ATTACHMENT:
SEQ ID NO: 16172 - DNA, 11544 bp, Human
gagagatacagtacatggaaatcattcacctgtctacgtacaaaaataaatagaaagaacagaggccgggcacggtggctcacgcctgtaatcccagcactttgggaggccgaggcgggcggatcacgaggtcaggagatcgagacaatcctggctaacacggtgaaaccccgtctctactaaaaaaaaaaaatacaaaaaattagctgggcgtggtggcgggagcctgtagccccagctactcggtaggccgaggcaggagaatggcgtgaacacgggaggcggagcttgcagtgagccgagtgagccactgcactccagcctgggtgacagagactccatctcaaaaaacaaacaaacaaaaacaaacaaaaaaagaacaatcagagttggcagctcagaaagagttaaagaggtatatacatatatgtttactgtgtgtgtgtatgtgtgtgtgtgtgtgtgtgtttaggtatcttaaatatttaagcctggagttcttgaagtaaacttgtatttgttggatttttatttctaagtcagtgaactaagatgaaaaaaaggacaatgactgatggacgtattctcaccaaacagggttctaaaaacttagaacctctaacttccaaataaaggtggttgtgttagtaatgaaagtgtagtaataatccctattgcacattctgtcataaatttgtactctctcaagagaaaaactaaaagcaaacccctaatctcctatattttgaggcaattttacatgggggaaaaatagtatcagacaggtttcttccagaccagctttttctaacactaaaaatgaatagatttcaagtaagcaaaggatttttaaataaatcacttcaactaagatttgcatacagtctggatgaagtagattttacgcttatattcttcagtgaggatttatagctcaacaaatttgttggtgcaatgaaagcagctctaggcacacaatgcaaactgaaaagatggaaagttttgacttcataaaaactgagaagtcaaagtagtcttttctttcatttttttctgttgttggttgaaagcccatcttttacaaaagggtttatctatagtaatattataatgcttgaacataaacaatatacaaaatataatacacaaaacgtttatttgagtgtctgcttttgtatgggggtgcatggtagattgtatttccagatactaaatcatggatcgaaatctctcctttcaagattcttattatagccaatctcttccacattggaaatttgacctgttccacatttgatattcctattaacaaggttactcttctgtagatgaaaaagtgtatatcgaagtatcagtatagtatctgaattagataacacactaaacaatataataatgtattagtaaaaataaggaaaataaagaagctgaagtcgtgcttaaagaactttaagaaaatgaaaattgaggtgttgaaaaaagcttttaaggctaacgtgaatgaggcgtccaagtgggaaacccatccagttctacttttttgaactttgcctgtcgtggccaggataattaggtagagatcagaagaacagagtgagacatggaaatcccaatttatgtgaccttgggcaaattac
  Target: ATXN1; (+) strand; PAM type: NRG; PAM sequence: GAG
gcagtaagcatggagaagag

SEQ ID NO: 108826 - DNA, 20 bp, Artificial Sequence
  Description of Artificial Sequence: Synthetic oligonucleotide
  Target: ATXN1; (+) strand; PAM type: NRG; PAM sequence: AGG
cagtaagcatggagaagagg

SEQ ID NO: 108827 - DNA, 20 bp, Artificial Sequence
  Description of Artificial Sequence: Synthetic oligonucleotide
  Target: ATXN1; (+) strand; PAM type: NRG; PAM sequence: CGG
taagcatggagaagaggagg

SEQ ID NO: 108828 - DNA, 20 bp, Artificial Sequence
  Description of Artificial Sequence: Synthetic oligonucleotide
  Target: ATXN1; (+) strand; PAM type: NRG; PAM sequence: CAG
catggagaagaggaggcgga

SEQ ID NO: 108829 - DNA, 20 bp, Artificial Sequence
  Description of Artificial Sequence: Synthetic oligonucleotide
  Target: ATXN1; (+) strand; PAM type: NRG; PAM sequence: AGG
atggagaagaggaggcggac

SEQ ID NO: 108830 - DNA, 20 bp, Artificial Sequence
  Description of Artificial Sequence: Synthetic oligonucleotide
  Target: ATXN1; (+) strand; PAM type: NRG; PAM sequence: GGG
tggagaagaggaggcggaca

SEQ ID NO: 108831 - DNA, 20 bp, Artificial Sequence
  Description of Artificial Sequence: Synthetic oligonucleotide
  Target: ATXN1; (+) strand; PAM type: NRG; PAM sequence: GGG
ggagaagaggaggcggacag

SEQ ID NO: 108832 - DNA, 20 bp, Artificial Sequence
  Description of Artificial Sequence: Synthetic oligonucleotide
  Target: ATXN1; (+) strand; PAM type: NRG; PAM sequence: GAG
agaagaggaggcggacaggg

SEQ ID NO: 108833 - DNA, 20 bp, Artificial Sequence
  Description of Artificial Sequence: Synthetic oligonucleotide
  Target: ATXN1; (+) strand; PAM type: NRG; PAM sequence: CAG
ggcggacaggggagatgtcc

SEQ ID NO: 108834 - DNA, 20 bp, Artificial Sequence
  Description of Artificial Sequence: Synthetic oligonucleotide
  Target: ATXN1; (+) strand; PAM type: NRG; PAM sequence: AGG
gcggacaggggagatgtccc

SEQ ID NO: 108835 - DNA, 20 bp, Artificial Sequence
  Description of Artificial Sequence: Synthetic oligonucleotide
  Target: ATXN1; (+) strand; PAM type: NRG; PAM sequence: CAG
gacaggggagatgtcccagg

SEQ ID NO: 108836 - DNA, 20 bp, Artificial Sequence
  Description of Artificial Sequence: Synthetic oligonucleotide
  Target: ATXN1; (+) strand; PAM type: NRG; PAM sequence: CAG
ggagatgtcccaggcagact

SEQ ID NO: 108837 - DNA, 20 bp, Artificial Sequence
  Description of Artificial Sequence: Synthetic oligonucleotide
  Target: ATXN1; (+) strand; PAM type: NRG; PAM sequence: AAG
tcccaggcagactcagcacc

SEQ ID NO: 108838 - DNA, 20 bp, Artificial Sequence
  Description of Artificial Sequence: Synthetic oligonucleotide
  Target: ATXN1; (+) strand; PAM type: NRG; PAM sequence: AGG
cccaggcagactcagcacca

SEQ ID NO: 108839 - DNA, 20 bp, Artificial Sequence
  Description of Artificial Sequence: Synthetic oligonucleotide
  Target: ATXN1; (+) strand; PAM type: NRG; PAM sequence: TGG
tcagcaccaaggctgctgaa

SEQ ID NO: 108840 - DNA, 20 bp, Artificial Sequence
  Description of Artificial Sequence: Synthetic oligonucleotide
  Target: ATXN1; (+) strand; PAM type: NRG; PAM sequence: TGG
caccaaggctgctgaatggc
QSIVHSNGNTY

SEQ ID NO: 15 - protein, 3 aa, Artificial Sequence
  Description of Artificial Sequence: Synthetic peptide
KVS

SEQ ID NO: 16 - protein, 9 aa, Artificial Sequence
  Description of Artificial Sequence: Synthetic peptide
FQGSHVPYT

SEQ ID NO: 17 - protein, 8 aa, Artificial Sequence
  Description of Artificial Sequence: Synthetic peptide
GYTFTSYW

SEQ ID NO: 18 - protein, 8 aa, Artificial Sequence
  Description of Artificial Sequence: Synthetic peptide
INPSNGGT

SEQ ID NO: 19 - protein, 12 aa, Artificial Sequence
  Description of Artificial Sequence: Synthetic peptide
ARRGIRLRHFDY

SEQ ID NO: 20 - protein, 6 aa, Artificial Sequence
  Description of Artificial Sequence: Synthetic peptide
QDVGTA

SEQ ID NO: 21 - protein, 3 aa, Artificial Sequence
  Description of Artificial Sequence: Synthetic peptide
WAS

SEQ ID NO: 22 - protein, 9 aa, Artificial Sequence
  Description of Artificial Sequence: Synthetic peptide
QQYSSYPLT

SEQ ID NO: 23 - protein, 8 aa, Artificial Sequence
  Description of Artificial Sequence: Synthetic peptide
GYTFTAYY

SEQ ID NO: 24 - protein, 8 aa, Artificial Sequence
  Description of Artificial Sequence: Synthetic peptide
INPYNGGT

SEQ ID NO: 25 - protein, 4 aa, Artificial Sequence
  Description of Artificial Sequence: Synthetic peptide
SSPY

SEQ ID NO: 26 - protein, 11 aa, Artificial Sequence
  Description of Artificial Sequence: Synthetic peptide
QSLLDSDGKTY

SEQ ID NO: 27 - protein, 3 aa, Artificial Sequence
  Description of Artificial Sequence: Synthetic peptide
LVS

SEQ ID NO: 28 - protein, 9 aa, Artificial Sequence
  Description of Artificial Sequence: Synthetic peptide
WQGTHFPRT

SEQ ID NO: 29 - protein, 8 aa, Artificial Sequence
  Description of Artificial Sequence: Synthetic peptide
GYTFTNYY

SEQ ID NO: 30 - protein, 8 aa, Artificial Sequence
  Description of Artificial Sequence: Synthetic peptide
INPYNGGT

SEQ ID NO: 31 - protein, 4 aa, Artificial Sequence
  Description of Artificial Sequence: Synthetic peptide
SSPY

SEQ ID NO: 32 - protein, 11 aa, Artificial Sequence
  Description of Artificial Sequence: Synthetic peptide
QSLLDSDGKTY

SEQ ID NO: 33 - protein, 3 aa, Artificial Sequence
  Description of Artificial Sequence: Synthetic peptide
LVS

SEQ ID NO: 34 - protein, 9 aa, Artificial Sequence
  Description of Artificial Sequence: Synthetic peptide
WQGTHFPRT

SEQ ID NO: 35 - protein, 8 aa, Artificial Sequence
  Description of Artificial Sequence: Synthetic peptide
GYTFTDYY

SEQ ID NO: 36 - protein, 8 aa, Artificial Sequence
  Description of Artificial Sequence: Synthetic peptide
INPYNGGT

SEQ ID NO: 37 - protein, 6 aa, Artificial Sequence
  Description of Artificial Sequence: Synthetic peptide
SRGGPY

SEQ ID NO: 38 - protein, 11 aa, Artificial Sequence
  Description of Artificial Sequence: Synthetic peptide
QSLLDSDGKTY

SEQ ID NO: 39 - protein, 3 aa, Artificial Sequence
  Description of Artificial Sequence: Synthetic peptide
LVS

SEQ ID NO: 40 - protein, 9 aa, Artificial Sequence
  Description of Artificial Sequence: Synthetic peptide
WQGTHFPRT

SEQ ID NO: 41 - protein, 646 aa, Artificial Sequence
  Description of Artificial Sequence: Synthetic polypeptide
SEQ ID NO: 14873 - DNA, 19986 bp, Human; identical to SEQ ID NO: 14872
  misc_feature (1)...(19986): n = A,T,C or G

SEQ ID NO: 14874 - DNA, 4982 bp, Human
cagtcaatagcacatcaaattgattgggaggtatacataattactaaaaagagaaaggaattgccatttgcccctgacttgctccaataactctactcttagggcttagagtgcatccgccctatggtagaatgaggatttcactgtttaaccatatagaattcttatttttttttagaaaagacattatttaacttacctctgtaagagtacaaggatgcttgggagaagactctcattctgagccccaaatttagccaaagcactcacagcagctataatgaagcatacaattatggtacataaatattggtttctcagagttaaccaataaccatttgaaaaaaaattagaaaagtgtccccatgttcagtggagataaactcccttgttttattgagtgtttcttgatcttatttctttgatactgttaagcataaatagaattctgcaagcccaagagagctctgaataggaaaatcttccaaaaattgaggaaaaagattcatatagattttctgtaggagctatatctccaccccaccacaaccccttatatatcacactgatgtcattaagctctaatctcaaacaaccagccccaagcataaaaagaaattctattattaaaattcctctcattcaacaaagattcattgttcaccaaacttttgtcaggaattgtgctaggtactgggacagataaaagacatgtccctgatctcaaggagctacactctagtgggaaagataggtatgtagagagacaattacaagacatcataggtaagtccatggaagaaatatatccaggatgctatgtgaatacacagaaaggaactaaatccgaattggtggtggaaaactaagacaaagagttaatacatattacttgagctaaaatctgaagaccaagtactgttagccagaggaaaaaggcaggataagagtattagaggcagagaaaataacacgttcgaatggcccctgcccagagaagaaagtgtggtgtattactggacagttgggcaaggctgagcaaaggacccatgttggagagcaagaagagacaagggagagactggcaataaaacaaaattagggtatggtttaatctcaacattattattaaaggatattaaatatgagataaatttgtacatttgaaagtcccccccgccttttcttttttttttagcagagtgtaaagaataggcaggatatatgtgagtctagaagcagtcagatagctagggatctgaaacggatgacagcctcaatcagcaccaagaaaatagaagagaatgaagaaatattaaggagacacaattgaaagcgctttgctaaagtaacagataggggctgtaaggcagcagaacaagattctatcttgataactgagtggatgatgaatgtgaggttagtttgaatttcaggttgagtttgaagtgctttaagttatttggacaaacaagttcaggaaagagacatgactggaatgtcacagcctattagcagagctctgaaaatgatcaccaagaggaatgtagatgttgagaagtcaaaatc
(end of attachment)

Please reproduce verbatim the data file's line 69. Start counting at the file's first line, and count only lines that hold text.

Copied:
SEQ ID NO: 16 - protein, 9 aa, Artificial Sequence